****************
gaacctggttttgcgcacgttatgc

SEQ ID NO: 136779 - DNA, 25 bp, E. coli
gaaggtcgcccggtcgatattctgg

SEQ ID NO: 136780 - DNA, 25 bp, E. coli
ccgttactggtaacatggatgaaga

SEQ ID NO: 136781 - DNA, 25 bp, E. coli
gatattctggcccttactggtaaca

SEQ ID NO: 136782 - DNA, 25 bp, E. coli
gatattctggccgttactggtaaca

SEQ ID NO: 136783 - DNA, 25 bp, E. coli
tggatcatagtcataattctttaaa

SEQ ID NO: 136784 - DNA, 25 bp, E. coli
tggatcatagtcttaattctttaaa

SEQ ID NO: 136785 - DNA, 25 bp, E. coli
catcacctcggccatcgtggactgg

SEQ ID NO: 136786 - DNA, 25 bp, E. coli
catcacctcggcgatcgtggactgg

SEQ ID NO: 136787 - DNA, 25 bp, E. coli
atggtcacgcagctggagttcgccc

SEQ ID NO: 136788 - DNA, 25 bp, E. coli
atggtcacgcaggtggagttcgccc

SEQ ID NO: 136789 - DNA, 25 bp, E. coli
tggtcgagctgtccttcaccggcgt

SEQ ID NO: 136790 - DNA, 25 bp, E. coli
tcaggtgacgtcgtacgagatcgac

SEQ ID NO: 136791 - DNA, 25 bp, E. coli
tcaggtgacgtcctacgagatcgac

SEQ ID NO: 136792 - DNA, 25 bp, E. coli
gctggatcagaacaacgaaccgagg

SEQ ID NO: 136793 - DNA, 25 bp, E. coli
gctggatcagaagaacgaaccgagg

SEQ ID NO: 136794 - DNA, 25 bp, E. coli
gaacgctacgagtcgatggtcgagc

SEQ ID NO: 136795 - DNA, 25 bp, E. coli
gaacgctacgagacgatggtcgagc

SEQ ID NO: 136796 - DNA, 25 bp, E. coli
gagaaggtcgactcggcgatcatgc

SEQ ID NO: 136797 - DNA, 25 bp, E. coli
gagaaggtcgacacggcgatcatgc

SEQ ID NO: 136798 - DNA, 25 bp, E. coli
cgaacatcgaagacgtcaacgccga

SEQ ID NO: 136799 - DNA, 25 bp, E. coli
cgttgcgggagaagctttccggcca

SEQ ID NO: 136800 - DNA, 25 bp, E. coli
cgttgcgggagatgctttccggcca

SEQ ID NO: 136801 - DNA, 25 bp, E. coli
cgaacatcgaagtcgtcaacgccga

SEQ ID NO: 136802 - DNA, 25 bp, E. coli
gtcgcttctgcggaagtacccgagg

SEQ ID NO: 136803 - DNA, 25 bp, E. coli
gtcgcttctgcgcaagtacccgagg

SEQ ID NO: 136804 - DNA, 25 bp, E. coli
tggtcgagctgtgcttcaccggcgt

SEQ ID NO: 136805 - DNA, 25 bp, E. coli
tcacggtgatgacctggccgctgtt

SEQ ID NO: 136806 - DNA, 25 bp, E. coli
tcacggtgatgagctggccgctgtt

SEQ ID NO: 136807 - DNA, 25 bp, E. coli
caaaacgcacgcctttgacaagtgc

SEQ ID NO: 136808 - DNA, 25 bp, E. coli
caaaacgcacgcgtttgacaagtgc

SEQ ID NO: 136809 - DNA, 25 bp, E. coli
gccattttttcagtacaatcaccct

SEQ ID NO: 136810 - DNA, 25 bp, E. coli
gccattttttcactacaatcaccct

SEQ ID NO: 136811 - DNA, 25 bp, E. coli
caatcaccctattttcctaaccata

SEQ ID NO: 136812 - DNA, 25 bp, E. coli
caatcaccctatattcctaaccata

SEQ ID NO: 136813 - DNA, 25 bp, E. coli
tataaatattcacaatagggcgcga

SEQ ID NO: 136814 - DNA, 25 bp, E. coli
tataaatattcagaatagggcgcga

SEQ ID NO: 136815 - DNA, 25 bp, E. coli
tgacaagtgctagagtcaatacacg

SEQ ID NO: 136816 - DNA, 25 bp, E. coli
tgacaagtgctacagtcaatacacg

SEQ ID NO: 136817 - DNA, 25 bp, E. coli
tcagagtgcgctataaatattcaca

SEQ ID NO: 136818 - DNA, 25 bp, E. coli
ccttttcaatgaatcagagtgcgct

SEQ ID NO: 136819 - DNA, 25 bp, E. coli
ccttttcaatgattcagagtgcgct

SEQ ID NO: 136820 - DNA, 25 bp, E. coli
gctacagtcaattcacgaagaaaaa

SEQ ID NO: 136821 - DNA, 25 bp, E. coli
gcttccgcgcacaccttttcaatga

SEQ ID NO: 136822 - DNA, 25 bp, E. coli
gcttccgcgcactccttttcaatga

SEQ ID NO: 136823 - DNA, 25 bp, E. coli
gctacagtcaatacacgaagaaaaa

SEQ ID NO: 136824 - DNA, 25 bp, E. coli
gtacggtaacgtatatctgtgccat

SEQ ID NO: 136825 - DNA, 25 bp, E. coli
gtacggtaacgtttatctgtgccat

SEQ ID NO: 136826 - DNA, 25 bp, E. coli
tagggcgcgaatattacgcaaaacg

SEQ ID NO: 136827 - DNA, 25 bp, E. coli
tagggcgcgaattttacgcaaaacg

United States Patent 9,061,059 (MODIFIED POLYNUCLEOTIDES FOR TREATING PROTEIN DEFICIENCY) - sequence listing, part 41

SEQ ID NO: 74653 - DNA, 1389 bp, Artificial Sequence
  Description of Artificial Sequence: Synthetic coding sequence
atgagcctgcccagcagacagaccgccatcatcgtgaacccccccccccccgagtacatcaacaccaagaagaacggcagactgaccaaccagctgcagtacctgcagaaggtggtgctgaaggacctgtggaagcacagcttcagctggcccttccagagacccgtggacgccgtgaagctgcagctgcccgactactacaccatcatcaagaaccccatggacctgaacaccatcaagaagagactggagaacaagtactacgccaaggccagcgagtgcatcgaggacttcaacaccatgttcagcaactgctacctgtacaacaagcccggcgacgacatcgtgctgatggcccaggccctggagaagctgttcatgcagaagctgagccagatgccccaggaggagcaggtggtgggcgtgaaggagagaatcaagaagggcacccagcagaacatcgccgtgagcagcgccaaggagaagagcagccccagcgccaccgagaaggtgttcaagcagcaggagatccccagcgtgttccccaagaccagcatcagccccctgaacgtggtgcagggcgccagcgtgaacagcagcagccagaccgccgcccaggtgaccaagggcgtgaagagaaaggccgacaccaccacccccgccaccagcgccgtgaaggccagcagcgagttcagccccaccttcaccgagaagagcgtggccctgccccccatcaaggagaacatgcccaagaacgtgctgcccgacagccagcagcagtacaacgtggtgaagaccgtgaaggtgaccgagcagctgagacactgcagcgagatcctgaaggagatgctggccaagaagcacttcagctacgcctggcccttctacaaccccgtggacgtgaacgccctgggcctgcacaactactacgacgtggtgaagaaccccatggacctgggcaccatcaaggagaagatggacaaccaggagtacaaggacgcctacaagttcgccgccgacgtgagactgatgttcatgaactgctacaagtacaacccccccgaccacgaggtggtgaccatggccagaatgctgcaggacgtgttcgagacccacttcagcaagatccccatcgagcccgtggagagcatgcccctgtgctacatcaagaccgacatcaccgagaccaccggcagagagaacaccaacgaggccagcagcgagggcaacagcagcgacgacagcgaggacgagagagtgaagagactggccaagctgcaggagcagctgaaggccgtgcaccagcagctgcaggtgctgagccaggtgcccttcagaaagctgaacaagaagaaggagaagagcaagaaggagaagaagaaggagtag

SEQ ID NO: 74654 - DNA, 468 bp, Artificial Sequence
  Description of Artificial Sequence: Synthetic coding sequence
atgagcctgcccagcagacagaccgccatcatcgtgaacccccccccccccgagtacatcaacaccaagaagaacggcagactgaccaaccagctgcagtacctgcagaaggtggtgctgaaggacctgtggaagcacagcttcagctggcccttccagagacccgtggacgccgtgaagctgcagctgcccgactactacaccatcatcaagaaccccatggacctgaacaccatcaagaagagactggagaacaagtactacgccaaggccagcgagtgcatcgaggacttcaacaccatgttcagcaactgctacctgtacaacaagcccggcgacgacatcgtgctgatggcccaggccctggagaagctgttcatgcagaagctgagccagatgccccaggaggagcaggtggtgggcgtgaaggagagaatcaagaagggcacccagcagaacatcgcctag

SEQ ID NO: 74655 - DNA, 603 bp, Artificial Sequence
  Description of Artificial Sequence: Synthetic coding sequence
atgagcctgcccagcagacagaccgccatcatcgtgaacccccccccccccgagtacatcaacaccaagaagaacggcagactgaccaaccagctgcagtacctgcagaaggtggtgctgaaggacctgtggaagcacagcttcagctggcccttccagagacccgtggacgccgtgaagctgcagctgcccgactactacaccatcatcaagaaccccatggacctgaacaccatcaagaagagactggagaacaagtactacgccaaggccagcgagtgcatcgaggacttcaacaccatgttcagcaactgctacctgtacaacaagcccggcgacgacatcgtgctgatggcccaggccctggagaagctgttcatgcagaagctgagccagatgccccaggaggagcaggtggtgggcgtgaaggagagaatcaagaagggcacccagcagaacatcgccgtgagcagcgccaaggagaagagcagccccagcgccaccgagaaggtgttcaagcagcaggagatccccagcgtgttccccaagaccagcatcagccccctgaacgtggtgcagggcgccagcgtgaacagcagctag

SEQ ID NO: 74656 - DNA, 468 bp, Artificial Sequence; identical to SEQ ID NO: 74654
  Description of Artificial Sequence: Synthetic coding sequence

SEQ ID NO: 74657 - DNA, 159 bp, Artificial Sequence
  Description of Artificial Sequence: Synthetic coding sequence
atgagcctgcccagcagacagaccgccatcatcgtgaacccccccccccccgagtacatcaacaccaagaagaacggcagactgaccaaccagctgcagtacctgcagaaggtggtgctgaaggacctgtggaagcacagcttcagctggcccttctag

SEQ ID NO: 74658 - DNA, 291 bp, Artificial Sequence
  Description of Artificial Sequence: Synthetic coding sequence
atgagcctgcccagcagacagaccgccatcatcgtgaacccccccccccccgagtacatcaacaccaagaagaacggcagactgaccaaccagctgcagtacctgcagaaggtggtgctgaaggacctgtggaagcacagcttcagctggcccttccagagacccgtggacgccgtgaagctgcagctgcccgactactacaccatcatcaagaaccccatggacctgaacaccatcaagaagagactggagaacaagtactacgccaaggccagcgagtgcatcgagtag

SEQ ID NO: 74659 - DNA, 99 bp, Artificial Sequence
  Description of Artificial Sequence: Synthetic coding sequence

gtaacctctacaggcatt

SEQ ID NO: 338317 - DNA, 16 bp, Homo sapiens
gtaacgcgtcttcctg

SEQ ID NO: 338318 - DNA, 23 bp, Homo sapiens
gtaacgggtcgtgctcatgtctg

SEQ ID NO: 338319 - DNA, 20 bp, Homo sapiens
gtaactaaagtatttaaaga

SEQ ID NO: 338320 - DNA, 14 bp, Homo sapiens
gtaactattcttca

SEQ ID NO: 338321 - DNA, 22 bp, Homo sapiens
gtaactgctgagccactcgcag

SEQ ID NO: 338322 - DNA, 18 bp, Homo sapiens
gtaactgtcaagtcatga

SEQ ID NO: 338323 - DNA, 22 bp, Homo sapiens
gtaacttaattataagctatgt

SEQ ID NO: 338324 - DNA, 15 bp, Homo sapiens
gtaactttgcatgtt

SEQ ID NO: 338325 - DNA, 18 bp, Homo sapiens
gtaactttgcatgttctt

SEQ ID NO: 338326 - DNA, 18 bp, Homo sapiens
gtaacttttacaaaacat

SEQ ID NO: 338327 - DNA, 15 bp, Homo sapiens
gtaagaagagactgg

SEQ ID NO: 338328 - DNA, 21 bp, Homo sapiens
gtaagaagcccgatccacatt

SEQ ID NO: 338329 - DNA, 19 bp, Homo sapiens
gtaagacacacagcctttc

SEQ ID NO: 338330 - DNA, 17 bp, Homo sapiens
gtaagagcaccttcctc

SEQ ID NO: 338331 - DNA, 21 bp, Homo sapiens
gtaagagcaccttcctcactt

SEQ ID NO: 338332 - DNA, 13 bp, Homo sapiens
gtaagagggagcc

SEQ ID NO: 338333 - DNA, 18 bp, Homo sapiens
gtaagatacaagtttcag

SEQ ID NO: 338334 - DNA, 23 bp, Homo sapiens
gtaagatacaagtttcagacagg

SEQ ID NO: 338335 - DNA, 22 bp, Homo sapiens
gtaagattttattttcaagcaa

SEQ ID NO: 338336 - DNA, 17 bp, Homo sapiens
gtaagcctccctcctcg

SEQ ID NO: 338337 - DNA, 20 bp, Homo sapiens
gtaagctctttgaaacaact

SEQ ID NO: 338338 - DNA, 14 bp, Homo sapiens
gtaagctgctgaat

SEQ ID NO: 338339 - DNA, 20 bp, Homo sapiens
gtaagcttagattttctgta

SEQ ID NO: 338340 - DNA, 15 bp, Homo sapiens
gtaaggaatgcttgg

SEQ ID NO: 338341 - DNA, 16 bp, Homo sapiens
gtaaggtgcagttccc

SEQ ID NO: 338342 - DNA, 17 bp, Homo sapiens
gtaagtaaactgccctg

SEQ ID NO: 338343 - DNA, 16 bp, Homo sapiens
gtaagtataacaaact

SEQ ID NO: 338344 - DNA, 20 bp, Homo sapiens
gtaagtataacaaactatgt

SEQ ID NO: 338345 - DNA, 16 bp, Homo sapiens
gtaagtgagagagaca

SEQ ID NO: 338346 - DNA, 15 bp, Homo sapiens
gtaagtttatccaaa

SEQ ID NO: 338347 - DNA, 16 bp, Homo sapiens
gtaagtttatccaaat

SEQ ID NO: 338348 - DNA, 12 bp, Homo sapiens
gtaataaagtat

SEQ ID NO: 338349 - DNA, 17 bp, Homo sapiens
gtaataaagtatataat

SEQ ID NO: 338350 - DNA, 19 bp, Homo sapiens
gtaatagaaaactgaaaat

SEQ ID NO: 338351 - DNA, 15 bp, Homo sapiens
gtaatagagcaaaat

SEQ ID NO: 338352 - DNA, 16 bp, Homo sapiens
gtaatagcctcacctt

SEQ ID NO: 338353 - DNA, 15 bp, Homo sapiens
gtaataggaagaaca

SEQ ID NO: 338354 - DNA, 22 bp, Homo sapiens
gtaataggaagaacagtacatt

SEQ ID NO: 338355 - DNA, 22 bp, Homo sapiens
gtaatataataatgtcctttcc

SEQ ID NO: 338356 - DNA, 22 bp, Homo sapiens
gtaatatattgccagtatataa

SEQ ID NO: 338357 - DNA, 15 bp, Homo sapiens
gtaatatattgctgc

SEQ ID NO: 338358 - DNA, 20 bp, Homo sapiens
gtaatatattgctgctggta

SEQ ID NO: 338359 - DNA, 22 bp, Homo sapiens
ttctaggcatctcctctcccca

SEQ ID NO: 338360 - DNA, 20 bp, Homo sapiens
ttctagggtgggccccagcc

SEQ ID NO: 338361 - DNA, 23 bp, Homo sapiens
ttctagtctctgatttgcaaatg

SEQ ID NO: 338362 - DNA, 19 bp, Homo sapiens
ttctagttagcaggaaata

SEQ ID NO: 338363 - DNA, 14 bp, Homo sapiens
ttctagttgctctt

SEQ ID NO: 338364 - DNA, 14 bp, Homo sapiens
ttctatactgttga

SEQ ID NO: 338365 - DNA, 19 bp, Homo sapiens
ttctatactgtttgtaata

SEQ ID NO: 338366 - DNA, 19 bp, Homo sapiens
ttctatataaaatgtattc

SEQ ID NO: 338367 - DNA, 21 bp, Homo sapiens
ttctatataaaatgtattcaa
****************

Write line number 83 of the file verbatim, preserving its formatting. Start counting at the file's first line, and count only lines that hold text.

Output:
ccttttcaatgattcagagtgcgct